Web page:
Lee County Biography

LORENZO M. GOODYEAR


Lorenzo M. Goodyear, although a comparatively recent addition to the agricultural community comprising Nelson Township, is recognized as one of its most prosperous general farmers and dairymen, and his farm of one hundred and fifty-six acres, on sections 12 and 13 is one of the best kept and most attractive places in the vicinity.

Mr. Goodyear is a worthy descendant of some of the old New England families of Colonial times, but he himself is a native of the Empire State born in Oneida County, January 26, 1820, and there his entire life has been spent until within a few years. He was brought up on a farm, early became familiar with all kinds of farm work, and when he attained manhood selected that occupation as the one best suited to his tastes and disposition, fully realizing its possibilities when pursued methodically and with an intelligent observation of the principles governing it, and heartily echoing the assertion of the sage of Chautauqua when he said that it is the "noblest of professions." He made a careful study of the best way of carrying on his farming operations, was always quick in adopting modern and improved methods, and in time acquired a comfortable properly in his native county. He was always deeply interested in Western farming, especially in the modes of agriculture in the great grain-growing and stock-raising region of the Upper Mississippi Valley and of the great lake region, and in 1885 he determined to try his hand at farming on these broad, fertile prairies. Therefore he wound up his affairs in New York, and at a time when men of less energetic and active temperament are beginning to consider the advisability of retiring from business, he began life afresh in this county, purchasing his present farm in Nelson Township. The outcome of his experiment has been very satisfactory, and he regards his coming to Illinois as the best move of his life. He is very pleasantly situated, and takes great pride in the home that he has established amid the charming rural scenery of the County of Lee, and to which ho is constantly adding improvements. He has a fine lot of milch cows, forty in number, which he devotes to dairy purposes, besides having other stock, and he also raises grain and other products of the soil.

Our subject is a son of Edward Goodyear, a native of Connecticut, and a cousin in the first degree to Charles Goodyear, the famous inventor or discoverer of the process of vulcanizing rubber. The Goodyear family originated in England, and some of its members were among the early settlers of Connecticut. Edward Goodyear passed his early life in his native State, and for some time during the War of 1812 he was engaged in the manufacture of powder, he subsequently devoted himself to carpentering and removed to Canada, whence he afterwards went to Camden, Oneida County, N. Y., where he lived many years, and eventually closed a long and honored life at the age of seventy-four years in the home that he built up there. He was a man of undoubted integrity, a Christian in word and deed, and an active member of the Congregational Church. He married a Connecticut lady, Miss Leve Alcott, and she also had distinguished connections, the late Bronson Alcott, the venerable Concord philosopher and father of the gifted authoress, Louisa Alcott, being her first cousin. She came of good New England blood, and of a long-lived family, known for their fine qualities, steady and temperate habits. She herself was a noble woman, a Christian in every truth, and lived to an honored old Lorenzo Goodyear is the third of five children, four sons and one daughter, all of whom are yet living except the youngest brother, who died in 1891. He grew up under wholesome home influences, and he has abided by the principles of honor, truthfulness and right living early instilled into his mind. He has kept himself free from all bad and vitiating habits, and has never smoked or chewed tobacco or drank spirituous liquors. He has a clear brain, and is remarkably lithe and active for a man who has already passed the seventieth milestone on life's journey. He is still light of foot and agile, and thinks nothing of climbing to the top of his wind-mill when he wants to lake a view of the country. He also keeps abreast of the times and is well informed in what is going on in the world of letters, politics and business, as be is a keen observer and a great reader. In the course of life he has gathered about him many friends by his genial manner and considerate treatment of all with whom he comes in contact. He is a sound Republican in his political views, although holding himself independent as regards parties, and his sons follow in his footsteps.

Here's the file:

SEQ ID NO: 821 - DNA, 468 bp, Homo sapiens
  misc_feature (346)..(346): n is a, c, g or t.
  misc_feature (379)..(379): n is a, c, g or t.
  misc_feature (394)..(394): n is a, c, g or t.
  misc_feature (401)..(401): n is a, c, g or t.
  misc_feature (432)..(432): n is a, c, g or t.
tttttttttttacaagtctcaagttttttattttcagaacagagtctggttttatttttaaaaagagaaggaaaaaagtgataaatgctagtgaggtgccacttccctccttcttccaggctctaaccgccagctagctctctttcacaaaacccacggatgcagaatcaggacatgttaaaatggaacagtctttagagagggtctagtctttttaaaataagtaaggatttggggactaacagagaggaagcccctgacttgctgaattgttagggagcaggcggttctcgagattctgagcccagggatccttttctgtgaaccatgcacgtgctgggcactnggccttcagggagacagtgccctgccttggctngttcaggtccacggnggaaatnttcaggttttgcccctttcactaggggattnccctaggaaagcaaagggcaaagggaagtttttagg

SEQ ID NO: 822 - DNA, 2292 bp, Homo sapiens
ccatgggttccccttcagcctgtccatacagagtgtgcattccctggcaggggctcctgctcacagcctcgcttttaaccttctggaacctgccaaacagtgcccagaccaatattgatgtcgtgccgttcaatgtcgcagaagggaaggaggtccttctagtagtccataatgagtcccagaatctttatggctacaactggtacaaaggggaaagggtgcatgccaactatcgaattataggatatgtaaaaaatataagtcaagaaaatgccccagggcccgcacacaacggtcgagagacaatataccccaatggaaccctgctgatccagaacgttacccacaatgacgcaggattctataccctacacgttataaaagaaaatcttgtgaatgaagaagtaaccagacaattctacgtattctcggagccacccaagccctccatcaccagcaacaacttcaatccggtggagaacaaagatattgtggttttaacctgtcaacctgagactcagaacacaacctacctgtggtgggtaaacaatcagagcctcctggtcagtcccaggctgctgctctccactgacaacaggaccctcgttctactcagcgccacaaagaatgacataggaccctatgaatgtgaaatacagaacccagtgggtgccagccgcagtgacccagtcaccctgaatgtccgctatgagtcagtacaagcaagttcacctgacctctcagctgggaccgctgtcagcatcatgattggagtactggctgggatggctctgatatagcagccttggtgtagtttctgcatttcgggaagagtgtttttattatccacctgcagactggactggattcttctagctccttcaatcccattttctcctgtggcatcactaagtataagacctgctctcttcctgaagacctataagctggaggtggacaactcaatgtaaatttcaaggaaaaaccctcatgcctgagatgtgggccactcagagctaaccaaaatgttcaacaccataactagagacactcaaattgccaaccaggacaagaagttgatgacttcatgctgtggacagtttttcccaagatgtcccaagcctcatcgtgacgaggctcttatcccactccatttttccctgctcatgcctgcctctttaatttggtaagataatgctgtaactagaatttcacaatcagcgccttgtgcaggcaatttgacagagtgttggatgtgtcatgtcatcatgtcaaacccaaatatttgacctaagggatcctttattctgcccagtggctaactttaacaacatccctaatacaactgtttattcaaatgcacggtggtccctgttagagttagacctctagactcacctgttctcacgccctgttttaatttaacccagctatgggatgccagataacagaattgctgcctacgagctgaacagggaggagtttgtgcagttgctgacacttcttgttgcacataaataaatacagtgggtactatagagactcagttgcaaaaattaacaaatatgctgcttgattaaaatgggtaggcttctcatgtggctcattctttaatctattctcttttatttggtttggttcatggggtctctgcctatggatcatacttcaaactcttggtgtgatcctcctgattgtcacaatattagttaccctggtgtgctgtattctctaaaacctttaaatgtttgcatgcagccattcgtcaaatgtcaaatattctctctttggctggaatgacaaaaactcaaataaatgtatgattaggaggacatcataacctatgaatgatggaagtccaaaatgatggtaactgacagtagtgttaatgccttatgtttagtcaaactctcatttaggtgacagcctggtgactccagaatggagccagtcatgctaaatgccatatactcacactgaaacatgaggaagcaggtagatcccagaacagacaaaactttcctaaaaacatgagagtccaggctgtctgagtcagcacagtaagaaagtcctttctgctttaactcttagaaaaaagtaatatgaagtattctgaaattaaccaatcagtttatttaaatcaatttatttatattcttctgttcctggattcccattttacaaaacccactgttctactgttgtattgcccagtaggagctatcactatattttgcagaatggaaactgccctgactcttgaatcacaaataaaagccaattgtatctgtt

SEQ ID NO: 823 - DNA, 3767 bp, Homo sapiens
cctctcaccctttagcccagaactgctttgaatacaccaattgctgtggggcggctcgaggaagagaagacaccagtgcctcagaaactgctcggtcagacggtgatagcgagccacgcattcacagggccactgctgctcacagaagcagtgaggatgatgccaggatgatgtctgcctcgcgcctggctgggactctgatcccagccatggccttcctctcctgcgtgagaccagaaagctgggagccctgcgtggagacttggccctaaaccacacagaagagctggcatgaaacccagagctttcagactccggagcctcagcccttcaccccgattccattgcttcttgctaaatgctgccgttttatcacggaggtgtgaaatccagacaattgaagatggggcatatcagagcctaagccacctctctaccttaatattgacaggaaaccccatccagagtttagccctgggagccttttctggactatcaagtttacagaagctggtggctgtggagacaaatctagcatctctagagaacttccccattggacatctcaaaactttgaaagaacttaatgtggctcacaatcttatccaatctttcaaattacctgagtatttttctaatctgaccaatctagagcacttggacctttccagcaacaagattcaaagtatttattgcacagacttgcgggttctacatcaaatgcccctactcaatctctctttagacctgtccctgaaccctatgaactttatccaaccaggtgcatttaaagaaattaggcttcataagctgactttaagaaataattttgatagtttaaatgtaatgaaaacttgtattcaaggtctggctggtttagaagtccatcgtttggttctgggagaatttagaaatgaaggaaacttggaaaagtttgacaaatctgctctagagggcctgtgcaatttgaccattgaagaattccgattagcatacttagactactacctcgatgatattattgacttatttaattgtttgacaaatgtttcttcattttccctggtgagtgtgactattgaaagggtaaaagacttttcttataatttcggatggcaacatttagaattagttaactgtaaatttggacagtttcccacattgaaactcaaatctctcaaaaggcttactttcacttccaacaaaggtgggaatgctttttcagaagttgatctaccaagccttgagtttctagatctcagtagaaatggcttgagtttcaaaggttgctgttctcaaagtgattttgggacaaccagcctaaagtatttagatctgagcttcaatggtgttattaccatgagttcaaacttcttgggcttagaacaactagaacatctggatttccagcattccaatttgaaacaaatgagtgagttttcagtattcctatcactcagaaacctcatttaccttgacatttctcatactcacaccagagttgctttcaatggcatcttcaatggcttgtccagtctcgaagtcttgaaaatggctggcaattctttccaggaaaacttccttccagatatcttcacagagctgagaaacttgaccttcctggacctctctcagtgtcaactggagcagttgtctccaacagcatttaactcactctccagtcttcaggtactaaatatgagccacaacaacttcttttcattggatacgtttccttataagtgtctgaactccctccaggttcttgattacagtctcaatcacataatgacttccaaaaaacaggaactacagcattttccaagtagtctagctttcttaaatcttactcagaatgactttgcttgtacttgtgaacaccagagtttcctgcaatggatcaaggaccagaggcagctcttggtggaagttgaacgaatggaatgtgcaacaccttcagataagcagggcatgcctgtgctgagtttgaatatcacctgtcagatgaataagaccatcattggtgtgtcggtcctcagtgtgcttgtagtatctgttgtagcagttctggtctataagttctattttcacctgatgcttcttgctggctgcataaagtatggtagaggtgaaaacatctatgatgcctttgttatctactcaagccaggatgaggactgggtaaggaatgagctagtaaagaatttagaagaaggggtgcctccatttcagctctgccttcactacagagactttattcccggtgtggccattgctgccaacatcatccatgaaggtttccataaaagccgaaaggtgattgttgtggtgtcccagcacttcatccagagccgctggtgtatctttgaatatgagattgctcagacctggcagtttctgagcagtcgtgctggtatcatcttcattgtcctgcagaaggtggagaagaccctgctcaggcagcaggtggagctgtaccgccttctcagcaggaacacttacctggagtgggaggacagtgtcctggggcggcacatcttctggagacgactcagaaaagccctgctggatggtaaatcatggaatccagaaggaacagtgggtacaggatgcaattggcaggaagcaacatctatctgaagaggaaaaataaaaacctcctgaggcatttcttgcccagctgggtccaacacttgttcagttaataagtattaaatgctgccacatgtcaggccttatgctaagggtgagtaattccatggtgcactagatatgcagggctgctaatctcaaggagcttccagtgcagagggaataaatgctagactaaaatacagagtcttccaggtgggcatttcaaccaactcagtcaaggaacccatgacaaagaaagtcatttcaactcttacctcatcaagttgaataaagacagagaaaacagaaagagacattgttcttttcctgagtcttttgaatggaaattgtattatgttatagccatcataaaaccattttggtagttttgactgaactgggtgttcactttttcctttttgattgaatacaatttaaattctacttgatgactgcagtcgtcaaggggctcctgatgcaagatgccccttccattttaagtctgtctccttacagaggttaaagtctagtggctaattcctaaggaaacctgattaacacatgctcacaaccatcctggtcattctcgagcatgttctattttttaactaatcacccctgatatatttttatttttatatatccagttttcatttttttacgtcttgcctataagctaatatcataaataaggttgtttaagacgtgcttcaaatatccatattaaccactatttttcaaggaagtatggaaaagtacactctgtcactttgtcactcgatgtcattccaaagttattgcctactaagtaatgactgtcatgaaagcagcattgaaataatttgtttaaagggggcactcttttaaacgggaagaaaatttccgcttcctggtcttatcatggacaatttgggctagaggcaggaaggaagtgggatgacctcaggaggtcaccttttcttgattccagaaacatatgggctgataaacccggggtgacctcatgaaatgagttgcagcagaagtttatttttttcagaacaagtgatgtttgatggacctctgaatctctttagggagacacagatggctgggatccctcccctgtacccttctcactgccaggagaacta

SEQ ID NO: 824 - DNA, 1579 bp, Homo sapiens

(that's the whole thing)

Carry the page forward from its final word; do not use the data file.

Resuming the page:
Mr. Goodyear was happily married in his native township and county lo Miss Mary Ransom, who was also born in that county, Vienna Township being the place of her birth. For a history of her family see biography of Schuyler Ransom. Mr. and Mrs. Goodyear are the parents of eight children, as follows: Adelbert L., a farmer in Hancock County, Iowa, who married Miss Lucy Parkes, of New York State; Wallace K. and Walter E., twins, the former married to Miss Mary Ransom and living on a farm in this township, and the latter at home with his parents; Mary, who was employed for three years at the water cure establishment at Danville, N. Y.; Martha, wife of Willard Ball, a farmer of Wexford County, Mich.; Schuyler at home; Lucius, a medical student at Kansas City; and Leve at home with her parents.

Portrait & Biographical 1892

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